FIG. 2 is a block diagram of how the system facilitates services for users to interact and transact commerce with each other, including several module components in accordance with one embodiment;

FIG. 3 is an example screen depicting a home page generated while a user interacts with the system in accordance with one embodiment;

FIGS. 4A-4B are example screens depicting profile information that is presented to a user in accordance with one embodiment;

FIG. 5 is an example screen depicting a Web page generated while a user reviews an offer in accordance with one embodiment;

FIGS. 6A-6D are block diagrams depicting an example of workflow for generating and processing offers according to one embodiment;

FIG. 7 is a flow diagram of a routine used by an offer/booking management module in accordance with one embodiment;

FIG. 8 is a flow diagram of subroutine used in the routine depicted in FIG. 7; and

FIG. 9 is a simple block diagram depicting an example of interactions among appearance purchaser, talent, and agent in typical entertainment procurement.

DETAILED DESCRIPTION OF THE INVENTION

Systems and methods in accordance with various embodiments of the present disclosure may overcome one or more of the aforementioned and other deficiencies experienced in conventional approaches to providing a networking system for multiple disparate parties or entities and a centralized workflow system that allows these disparate parties to transact business in a secure environment.

General System Overview

FIGS. 1a and 1b illustrate an environment wherein a multi-entity database system with networking and workflow capabilities according to various embodiments might be used. As illustrated in FIG. 1a (and in more detail in FIG. 1b) any user systems 15 might interact via a network 20 with an entertainment networking and procurement system (NPS) 10. The users of those user systems 15 might be users in differing capacities and the capacity of a particular user system 15 might be determined by permissions (permission levels) for the current user or by the type of user, e.g., agent, artist, manager, buyer, etc. For example, where an artist is using a particular user system 15 to interact with NPS 10, that user system has the capacities allotted to an artist. However, while a manager or purchaser/buyer is using that user system to interact with NPS 10, that user system has the capacities allotted to that manager or purchaser, respectively. Thus, different users will have different capabilities with regard to accessing and modifying application and database information, including profile information and contracting and booking information, depending on the type of user and/or a user's permission level.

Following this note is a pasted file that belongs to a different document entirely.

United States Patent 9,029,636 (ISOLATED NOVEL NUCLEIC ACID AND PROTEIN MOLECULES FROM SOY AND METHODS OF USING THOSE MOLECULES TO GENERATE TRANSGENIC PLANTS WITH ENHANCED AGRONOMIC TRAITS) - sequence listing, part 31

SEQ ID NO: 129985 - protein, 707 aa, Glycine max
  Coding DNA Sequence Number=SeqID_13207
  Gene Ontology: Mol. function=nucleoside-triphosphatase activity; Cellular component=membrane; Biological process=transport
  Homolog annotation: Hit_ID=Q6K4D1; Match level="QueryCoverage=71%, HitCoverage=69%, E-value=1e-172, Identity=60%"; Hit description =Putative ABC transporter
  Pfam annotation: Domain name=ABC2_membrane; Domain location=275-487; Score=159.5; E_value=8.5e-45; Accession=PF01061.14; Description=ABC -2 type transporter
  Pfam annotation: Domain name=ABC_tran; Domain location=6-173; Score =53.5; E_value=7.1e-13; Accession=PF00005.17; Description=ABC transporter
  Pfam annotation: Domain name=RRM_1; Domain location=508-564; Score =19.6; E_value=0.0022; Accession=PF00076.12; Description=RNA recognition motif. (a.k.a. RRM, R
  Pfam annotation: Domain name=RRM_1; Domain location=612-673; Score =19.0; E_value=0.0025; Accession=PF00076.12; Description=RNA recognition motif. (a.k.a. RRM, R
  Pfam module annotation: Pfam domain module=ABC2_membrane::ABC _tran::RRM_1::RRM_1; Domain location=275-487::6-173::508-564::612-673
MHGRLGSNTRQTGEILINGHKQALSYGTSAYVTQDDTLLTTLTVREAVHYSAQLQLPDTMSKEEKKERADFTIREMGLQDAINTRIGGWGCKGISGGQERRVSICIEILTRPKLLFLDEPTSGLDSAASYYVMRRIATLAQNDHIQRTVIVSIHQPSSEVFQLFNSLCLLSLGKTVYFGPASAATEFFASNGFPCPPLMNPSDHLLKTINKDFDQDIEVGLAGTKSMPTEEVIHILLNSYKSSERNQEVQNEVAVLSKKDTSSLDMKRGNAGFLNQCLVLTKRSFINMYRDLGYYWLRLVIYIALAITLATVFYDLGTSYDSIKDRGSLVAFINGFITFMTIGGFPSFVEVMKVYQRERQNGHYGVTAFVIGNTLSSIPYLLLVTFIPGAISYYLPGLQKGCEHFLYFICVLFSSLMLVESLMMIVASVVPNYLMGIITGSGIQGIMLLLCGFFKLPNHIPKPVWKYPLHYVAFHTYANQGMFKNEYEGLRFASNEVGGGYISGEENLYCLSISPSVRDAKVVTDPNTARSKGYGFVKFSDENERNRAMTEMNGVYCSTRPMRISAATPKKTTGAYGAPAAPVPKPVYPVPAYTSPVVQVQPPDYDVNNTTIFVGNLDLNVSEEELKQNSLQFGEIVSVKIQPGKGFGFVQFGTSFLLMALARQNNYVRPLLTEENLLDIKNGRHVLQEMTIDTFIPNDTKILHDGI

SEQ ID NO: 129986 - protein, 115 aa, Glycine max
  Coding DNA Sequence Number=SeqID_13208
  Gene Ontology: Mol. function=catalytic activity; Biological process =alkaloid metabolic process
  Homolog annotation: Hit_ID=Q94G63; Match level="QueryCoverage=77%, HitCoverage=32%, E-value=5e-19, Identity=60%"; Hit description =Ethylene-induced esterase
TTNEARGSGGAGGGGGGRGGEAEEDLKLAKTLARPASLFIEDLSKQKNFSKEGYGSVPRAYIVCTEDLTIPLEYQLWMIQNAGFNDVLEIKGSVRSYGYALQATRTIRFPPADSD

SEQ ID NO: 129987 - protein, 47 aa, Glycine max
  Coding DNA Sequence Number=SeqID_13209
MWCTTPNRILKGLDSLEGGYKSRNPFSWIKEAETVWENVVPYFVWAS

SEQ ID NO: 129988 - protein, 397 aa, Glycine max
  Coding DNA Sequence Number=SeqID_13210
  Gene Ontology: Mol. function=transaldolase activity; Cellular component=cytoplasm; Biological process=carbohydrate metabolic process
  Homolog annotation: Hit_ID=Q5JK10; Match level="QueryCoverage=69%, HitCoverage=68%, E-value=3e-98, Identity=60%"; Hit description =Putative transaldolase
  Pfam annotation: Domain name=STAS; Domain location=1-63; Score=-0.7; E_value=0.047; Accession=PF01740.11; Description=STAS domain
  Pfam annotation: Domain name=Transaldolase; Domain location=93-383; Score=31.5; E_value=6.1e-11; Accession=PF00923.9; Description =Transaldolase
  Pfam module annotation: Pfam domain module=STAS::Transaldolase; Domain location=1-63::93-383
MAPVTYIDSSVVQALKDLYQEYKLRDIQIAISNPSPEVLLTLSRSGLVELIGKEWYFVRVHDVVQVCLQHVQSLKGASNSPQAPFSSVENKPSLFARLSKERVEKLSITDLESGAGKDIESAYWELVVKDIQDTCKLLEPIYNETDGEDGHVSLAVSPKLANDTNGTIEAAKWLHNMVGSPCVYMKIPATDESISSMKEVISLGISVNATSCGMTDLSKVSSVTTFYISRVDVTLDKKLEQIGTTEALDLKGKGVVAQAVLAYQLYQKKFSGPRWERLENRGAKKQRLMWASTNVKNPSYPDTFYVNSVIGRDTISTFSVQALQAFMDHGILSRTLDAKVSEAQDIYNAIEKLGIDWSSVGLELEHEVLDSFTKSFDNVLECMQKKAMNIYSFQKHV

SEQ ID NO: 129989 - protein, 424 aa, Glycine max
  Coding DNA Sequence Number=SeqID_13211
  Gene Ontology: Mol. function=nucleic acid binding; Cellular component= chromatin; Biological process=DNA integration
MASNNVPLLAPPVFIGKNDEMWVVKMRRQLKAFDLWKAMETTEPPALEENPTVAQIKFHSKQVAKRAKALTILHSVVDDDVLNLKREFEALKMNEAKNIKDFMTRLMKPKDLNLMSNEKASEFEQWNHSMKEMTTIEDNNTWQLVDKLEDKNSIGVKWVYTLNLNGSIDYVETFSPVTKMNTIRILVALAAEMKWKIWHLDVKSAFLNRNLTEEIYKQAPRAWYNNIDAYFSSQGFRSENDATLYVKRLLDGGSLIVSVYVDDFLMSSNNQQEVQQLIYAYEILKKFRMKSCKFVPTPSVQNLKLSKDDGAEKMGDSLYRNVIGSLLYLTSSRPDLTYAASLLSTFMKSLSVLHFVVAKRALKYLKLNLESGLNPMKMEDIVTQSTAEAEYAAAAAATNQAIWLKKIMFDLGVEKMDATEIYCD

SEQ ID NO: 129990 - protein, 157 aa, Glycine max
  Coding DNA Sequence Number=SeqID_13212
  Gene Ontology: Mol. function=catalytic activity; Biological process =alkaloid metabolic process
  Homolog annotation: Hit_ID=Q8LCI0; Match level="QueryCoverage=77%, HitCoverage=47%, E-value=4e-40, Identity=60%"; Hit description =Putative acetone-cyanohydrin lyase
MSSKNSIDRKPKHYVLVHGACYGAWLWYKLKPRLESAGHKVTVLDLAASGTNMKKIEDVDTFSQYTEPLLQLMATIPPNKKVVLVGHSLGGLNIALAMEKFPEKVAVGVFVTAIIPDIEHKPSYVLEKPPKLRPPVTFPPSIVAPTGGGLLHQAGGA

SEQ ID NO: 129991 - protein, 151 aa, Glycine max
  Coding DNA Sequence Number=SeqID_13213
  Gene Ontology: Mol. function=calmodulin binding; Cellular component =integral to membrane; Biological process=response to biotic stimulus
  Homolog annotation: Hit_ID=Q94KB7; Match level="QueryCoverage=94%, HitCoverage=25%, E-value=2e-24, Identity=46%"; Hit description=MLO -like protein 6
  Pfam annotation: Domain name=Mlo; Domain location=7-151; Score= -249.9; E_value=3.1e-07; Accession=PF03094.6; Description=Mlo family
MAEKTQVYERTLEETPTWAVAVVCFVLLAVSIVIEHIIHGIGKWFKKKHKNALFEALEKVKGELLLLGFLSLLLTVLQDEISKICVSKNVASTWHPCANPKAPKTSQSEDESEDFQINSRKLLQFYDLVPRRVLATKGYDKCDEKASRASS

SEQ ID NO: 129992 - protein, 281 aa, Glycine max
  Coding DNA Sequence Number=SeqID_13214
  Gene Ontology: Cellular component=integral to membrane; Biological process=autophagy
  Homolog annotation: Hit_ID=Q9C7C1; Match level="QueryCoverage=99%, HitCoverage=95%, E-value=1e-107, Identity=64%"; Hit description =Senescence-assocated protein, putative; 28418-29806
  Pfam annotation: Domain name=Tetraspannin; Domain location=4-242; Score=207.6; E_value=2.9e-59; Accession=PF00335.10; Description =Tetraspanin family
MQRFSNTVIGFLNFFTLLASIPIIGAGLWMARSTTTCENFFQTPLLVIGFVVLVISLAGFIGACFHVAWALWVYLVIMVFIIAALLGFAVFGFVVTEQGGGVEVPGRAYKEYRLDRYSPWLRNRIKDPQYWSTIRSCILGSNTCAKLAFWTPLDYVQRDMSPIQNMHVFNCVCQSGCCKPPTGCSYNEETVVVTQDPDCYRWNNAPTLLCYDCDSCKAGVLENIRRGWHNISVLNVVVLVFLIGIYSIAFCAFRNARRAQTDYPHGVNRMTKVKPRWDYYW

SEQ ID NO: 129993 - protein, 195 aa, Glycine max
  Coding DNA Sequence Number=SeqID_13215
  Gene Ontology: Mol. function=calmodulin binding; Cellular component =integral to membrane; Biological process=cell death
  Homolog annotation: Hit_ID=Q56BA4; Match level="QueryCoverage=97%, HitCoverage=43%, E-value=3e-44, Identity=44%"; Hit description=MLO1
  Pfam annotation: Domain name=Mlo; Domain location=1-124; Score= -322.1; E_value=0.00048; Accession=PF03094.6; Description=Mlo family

Network 20 can be a LAN (local area network), WAN (wide area network), wireless network, point-to-point network, star network, token ring network, hub network, or other configuration. As the most common type of network in current use is a TCP/IP (Transfer Control Protocol and Internet Protocol) based network such as the global internetwork of networks often referred to as the “Internet” with a capital “I,” that will be used in many of the examples herein. However, it should be understood that the networks that the present invention might use are not so limited, although TCP/IP is the currently preferred protocol.

User systems 15 might communicate with NPS 10 using TCP/IP and, at a higher network level, use other common Internet protocols to communicate, such as HTTP, FTP, AFS, WAP, etc. As an example, where HTTP is used, user system 15 might include an HTTP client commonly referred to as a “browser” for sending and receiving HTTP messages from an HTTP server at NPS 10. Such HTTP server might be implemented as the sole network interface between NPS 10 and network 20, but other techniques might be used as well or instead. Preferably, each of the plurality of servers has access to the NPS's data, at least as for the users that are accessing that server.